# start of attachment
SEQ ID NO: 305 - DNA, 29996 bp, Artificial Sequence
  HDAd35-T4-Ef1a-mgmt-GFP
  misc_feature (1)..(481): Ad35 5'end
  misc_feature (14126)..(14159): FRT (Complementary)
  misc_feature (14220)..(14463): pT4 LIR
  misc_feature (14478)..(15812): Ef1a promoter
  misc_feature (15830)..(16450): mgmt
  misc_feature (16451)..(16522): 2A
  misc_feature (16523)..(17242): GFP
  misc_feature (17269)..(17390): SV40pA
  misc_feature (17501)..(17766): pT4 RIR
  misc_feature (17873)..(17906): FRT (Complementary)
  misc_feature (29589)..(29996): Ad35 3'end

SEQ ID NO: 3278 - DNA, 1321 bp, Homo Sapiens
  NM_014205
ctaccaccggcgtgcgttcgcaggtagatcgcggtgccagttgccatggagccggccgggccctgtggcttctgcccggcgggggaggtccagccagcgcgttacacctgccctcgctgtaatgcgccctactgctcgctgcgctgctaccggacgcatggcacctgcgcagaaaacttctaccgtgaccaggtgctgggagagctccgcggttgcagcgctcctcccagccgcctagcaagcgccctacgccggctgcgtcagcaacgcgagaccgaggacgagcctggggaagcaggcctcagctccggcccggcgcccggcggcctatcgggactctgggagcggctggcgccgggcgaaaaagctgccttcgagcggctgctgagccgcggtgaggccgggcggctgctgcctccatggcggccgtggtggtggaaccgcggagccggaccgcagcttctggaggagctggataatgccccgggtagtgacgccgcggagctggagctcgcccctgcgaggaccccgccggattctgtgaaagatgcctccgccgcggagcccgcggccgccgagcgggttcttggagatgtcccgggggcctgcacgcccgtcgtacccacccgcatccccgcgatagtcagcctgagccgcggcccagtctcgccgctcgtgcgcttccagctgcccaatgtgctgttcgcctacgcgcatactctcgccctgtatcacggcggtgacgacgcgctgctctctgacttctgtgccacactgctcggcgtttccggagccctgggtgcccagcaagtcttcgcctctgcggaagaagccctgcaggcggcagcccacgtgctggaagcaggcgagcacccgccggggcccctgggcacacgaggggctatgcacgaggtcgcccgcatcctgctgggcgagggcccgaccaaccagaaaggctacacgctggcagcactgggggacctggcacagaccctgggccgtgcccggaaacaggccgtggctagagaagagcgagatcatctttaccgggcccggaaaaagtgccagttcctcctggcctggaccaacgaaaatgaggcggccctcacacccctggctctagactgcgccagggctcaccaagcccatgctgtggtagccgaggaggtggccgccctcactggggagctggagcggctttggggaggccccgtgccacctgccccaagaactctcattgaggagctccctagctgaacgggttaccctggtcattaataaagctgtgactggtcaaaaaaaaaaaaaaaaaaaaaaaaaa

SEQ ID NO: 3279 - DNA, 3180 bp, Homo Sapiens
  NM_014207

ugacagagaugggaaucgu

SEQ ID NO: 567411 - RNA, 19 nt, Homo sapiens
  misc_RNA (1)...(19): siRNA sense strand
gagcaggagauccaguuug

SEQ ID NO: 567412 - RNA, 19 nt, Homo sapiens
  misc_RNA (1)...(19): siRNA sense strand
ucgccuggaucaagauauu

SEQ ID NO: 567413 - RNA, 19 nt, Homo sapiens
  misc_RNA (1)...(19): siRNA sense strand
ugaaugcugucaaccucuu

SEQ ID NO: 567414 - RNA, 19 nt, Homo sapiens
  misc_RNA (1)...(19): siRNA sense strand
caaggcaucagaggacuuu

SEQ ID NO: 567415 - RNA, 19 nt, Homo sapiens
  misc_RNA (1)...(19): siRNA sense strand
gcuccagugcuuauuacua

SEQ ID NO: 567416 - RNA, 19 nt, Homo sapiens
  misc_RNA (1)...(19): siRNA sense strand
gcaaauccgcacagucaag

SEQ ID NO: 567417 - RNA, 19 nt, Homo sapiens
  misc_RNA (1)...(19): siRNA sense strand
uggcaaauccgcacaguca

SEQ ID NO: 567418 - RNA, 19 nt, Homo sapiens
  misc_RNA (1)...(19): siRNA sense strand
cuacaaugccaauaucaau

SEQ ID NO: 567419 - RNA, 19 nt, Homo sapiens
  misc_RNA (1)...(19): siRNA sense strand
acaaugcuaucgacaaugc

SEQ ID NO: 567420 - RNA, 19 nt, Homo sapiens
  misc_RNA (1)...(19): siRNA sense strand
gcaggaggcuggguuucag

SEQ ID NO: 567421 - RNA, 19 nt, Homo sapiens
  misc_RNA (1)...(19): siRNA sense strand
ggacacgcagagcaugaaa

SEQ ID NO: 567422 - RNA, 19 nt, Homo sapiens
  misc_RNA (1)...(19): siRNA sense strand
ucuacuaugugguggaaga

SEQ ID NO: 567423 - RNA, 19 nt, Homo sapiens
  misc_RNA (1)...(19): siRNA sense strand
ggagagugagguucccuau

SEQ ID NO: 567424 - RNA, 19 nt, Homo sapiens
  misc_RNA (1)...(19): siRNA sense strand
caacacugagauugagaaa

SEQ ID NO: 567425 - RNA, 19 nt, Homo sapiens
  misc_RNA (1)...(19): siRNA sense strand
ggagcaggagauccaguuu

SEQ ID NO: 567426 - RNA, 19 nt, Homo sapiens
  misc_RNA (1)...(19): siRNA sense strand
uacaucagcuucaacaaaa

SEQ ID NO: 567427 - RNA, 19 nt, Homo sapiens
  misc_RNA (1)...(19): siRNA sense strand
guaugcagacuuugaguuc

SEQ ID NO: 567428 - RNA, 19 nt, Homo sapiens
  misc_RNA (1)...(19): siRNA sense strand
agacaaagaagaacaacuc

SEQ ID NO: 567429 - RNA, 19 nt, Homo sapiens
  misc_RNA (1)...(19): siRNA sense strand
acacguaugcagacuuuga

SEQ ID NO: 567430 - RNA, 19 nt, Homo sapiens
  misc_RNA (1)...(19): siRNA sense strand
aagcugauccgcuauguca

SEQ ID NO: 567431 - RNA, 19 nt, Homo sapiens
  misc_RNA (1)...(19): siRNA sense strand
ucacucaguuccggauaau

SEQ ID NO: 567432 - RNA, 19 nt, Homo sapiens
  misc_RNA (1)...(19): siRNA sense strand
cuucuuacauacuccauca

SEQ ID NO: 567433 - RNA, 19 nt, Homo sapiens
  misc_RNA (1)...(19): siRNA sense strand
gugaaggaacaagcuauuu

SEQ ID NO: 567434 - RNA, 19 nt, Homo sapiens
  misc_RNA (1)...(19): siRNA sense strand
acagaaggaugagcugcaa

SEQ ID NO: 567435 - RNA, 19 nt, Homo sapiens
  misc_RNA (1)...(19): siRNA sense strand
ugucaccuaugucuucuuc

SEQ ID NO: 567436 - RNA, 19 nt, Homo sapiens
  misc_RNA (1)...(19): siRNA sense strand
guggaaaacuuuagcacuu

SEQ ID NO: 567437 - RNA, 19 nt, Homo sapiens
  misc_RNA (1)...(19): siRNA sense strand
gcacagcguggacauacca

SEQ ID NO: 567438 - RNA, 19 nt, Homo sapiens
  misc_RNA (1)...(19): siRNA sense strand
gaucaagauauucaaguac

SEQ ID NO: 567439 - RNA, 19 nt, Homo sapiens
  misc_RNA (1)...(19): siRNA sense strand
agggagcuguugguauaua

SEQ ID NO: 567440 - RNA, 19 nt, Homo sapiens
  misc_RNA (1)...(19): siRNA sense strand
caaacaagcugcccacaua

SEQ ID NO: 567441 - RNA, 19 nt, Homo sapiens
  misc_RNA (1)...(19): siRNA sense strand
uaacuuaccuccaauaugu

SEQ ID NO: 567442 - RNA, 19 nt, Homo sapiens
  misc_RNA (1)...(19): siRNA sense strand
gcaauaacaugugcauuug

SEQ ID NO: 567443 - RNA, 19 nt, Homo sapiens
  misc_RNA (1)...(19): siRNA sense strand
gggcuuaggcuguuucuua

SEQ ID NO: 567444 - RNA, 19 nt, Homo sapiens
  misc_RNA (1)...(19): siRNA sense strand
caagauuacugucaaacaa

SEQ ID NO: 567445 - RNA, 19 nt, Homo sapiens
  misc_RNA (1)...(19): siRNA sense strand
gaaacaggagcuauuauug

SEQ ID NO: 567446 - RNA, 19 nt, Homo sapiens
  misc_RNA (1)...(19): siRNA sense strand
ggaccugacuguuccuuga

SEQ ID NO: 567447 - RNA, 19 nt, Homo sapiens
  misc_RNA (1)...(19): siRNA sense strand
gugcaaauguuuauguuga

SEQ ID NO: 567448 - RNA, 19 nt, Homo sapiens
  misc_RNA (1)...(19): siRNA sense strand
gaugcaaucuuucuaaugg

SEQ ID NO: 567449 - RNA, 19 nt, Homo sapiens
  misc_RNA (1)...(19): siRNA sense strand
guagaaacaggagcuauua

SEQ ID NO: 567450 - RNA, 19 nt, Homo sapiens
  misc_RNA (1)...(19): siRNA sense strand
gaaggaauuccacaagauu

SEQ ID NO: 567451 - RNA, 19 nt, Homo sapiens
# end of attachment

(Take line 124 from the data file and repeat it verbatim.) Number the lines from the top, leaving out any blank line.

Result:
gaaacaggagcuauuauug